Fialkov & Bobillo Introduce an Amnesiac "Amazing Spider-Man" to Infinite Comics

It's been well established over the past few days that Peter Parker will return in April's new "Amazing Spider-Man" #1, but there's no reason to assume it'll be a smooth transition back to life. An April-debuting entry in Marvel Comics' digital-first Infinite Comics initiative from writer Joshua Hale Fialkov and artist Juan Bobillo is set to pick up with Peter in the process of a bank robbery, devoid of his memories.

"If you remove identity and get to the core of who Peter Parker really is, is he a hero? Does his heroism go beyond Uncle Ben dying, beyond Gwen and Captain Stacy dying?" Fialkov asks, in an interview announcing the series on Marvel.com. "All the people and things he's lost. All those sacrifices. At his heart -- as a blob of tissue, removed from all personality and experience -- would he act as a hero, when presented with the opportunities of a villain?"

Fialkov, currently writing much of Marvel's current Ultimates output, has prior experience in the Spider-Man world, having written the "Alpha" miniseries starring the one-time Spidey sidekick. Bobillo has illustrated a number of Marvel projects over the years, most recently issues of "FF" written by Jonathan Hickman.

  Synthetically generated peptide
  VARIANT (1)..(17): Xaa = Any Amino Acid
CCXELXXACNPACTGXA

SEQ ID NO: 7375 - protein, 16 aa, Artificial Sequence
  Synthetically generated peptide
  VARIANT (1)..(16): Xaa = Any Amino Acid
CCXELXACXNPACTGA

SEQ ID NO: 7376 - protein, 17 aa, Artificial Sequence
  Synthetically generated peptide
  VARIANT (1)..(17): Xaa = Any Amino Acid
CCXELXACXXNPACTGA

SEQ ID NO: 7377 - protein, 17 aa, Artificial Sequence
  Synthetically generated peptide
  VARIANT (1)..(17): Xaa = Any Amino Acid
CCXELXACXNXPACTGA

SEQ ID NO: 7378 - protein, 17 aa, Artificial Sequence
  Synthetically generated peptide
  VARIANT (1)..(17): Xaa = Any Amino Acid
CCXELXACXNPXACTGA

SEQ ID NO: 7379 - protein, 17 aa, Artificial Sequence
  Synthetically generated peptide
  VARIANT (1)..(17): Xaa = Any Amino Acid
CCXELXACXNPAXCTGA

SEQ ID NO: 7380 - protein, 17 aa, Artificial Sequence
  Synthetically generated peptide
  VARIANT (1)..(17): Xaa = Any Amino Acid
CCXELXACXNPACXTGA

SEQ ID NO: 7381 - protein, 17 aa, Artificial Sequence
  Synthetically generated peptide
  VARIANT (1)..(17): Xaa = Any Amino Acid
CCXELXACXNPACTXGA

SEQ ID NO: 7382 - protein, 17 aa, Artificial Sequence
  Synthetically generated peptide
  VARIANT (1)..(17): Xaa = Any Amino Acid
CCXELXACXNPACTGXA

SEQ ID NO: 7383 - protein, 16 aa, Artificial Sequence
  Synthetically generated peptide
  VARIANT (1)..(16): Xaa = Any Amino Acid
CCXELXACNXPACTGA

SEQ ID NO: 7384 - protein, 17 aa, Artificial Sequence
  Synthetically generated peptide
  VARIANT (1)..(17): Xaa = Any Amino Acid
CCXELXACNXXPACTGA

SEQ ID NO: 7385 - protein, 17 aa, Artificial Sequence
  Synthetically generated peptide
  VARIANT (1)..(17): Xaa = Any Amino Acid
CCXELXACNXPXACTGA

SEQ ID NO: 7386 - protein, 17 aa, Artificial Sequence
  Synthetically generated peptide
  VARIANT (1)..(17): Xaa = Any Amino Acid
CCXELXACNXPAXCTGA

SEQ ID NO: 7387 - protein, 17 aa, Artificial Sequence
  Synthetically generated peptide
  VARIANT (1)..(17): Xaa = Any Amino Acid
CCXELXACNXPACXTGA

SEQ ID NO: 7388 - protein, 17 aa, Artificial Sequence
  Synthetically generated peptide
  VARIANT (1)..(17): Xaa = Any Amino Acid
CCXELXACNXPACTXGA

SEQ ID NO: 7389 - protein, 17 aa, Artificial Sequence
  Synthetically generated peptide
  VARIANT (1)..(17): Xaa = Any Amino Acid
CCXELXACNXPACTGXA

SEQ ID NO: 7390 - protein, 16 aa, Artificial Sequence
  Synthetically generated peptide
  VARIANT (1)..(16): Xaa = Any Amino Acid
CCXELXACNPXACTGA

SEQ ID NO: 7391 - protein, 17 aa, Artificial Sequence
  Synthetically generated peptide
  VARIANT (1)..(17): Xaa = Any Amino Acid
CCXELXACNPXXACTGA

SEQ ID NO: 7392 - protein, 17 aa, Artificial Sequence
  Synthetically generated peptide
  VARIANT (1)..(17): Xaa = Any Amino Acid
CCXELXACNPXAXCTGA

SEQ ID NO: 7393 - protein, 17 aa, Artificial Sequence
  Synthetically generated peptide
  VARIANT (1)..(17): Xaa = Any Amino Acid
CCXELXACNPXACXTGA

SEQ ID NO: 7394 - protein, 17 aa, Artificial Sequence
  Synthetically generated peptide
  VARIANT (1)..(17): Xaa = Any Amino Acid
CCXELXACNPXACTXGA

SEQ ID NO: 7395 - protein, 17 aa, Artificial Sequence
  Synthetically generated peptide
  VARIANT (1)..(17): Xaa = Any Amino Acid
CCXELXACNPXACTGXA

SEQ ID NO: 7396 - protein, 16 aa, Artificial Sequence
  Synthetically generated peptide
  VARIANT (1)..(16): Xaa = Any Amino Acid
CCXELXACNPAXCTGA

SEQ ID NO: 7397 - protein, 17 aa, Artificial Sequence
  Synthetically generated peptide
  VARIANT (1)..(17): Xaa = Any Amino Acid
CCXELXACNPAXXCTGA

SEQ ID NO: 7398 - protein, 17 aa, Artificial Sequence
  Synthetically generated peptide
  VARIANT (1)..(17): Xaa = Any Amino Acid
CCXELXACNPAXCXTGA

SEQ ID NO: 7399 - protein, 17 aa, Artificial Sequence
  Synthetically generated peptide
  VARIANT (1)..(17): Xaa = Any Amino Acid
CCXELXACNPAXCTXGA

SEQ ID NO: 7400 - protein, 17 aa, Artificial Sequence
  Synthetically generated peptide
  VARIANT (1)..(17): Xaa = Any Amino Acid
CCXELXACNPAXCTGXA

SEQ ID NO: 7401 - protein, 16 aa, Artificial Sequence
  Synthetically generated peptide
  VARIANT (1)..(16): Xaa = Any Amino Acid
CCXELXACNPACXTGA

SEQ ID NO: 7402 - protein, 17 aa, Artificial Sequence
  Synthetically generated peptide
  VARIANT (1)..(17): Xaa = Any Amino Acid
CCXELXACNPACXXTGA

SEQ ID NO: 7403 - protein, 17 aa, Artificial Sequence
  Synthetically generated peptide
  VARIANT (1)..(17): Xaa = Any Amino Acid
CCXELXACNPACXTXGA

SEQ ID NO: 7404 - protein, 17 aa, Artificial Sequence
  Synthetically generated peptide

The new Infinite Comic, said to be composed "under the watchful eye" of long-running Spider-Man scribe Dan Slott, is set to run for 13 digital installments.

"You can put [Spider-Man] in horrific situations, but it's inherent in him to deal with things with a light touch," Fialkov said of the tone of his story. "He's gonna keep working; keep grinding, no matter what. Yeah, it's a drag. Yeah, it's a bummer. But he knows that the only way to cope with it is to be Spider-Man."

In the interview, Fialkov also expressed his admiration for the Infinite Comics format, which is intended to make use of the unique storytelling opportunities provided by tablets and other mobile platforms.

"It's a whole new medium to work in, and that's pretty exciting," Fialkov said. "I can sit down with my daughter and read this form of comics, and it's less overwhelming for her in that guided view. It's a great educational tool and a great way to tell story."

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